VULNERABLE POPULATIONS AND EMERGENCY PREPAREDNESS



Public Health –Seattle & King County has developed a new strategy for ensuring that our most vulnerable populations are protected and assisted in emergencies. The new strategy recognizes that there are many people who cannot be successfully reached by ‘conventional’ methods of communication. Not surprisingly, the strategy is built around creating relationships of trust with communities and having community members help define the best ways to communicate.

The impetus for this new focus came in 2006, when six people died and many more were sickened when they used charcoal or gas and kerosene heaters to heat their homes after their electricity failed in the 2006 windstorm and remained off for several days. The result was an epidemic of carbon monoxide poisoning. The victims came from communities where there were many limited English speakers. Warnings in English, whether in newspapers or on television and radio, were not effective. After the tragedies began, ads in multiple languages were immediately launched, but too late to help the initial victims.

Since then, Public Health has created a comprehensive strategy to prevent such tragedies in the future. Agencies and staff are being trained in cross-cultural competence. Faith leaders are being engaged to open up new channels of communication. Materials are being developed under the guidance of community members, messages are being tested for effectiveness, and ethnic media are being brought in as communication channels. As of this summer, 264 agencies, 502 individuals, and 126 faith organizations have been enlisted as partners in the Community Communication Network (CCN).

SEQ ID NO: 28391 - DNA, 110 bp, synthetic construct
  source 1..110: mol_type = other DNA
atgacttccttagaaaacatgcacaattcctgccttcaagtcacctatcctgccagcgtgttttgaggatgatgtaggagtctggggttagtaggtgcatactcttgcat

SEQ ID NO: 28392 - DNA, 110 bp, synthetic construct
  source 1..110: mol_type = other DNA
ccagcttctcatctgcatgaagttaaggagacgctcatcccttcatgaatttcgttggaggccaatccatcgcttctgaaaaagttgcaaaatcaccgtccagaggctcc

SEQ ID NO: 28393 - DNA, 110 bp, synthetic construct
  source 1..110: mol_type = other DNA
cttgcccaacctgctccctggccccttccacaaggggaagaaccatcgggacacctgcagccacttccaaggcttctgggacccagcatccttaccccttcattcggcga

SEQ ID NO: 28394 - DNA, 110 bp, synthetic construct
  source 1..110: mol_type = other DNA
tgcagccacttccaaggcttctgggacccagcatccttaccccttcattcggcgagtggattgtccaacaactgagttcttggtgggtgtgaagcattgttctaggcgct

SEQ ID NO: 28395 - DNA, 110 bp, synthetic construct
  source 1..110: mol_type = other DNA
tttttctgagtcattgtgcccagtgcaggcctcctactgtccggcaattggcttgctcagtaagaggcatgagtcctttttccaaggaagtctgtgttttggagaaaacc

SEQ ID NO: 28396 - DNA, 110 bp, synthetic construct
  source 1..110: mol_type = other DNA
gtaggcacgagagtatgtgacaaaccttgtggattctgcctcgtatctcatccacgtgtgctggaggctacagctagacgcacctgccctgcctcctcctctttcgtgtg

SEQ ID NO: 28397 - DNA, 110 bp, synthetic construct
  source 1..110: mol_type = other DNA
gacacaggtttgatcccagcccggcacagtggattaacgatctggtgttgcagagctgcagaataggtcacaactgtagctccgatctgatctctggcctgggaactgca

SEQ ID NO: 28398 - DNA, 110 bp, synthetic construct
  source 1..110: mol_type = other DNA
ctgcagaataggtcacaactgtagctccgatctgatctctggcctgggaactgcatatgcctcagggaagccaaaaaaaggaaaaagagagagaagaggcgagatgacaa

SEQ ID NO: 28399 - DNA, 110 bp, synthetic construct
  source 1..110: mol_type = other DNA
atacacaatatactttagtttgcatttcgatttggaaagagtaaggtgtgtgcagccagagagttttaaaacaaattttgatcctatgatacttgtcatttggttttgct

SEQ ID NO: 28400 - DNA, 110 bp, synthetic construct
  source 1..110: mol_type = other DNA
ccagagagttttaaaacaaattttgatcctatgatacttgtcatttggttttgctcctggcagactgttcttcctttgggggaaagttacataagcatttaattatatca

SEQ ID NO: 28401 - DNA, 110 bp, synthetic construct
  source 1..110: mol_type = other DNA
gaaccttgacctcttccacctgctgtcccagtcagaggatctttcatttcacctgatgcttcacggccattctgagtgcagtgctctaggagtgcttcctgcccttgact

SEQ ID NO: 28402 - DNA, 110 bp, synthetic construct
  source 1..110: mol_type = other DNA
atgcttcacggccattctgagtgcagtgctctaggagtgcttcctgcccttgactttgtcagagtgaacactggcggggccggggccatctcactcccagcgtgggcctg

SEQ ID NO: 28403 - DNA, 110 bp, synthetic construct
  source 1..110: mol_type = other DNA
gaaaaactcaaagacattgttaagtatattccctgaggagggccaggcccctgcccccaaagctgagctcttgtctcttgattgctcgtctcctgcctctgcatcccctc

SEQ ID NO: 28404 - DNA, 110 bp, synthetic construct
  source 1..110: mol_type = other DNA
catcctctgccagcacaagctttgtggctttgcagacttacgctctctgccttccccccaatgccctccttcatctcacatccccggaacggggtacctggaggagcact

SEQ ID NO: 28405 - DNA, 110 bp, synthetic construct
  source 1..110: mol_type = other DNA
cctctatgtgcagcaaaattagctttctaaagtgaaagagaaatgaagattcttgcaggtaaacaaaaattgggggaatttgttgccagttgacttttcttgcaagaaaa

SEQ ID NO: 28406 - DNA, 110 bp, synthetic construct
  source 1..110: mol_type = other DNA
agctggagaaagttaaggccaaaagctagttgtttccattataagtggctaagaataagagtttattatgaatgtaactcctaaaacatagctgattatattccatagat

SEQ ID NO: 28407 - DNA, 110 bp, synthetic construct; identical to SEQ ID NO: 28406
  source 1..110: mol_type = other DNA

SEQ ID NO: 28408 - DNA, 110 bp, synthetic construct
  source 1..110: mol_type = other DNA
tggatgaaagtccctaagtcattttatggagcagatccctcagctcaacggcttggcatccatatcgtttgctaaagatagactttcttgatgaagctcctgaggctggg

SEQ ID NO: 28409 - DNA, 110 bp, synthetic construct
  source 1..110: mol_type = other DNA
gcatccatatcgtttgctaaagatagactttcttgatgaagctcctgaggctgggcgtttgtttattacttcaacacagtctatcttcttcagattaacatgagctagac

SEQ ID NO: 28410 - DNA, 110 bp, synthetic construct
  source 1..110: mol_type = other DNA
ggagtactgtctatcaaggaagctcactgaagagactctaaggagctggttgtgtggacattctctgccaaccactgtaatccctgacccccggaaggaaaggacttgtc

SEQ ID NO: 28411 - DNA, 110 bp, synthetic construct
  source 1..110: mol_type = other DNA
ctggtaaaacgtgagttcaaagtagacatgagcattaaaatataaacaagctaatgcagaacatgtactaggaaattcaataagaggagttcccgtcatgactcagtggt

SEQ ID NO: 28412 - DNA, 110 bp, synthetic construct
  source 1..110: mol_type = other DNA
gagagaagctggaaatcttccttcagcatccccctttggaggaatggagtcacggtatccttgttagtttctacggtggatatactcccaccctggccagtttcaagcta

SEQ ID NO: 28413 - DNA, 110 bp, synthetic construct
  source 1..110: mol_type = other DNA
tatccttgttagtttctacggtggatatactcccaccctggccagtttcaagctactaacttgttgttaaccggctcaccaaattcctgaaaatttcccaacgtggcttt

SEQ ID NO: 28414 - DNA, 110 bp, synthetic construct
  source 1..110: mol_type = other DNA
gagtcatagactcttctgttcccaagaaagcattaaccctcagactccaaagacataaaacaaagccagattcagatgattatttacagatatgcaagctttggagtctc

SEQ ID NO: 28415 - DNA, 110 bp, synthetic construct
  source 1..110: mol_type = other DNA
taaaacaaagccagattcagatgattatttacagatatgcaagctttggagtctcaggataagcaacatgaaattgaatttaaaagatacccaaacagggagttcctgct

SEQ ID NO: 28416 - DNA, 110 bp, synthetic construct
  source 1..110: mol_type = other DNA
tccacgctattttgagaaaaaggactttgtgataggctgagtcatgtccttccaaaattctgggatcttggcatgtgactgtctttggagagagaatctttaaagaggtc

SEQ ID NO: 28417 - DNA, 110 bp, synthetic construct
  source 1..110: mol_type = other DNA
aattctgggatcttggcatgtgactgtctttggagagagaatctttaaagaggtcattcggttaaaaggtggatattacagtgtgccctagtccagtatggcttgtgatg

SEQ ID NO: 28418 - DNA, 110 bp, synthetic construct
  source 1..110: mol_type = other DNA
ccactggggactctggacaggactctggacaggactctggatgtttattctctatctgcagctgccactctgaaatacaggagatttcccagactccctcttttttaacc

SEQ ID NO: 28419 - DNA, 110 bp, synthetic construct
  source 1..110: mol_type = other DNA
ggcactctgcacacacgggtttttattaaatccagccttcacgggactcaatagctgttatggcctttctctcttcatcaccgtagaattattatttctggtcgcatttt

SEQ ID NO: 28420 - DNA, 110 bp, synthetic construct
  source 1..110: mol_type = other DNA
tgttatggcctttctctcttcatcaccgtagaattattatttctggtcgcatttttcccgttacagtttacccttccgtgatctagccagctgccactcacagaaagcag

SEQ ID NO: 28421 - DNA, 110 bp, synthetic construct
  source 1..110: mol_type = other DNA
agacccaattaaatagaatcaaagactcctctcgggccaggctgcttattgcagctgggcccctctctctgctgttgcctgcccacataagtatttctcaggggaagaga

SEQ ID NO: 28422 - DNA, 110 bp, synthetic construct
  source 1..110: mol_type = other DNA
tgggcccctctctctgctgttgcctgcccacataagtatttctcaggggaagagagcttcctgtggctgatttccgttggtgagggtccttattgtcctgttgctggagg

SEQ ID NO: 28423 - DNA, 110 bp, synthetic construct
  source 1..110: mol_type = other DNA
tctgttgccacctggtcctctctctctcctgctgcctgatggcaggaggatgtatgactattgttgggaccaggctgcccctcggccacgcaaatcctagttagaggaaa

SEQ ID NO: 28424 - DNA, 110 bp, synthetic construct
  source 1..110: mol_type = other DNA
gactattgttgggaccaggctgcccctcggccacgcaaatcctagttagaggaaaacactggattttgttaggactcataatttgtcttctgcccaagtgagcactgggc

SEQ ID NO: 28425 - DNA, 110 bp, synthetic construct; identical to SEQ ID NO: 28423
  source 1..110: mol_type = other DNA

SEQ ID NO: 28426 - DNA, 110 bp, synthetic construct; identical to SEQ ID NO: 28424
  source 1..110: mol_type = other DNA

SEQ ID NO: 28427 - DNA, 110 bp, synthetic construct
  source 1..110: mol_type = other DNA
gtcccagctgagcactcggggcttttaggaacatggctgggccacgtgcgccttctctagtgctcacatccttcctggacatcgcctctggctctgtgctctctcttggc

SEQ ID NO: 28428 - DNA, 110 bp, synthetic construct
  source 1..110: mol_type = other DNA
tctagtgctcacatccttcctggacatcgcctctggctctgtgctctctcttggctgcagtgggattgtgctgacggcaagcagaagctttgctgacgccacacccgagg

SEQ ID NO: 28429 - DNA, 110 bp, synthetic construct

Now that the basic network has been formed, Public Health is doing additional outreach to help build community resilience and strengthen connections. They have sponsored a Vulnerable Populations Disaster Planning Conference to work on capacity building, transportation, and notification and warning methods. A Somali Health Board has been identified as a mechanism to test and disseminate emergency messages and to work on preparedness and other issues in that community, and may be a model for other communities to follow.

When the next disaster strikes, we will be much better prepared to ensure that all of our populations are protected and supported. And the initiatives that have fostered this effort will pay further dividends in other public health endeavors by building the connections that can effectively link communities into the public health network.

Preparedness is all about creating trusted relationships. People must know that there is someone they can depend on for truthful, reliable, and important information, and that this information will be delivered in a form that can be comprehended and implemented in the community. That is a basic social justice principle for emergency preparedness, and Public Health has taken a great step in the right direction by focusing on this important strategy.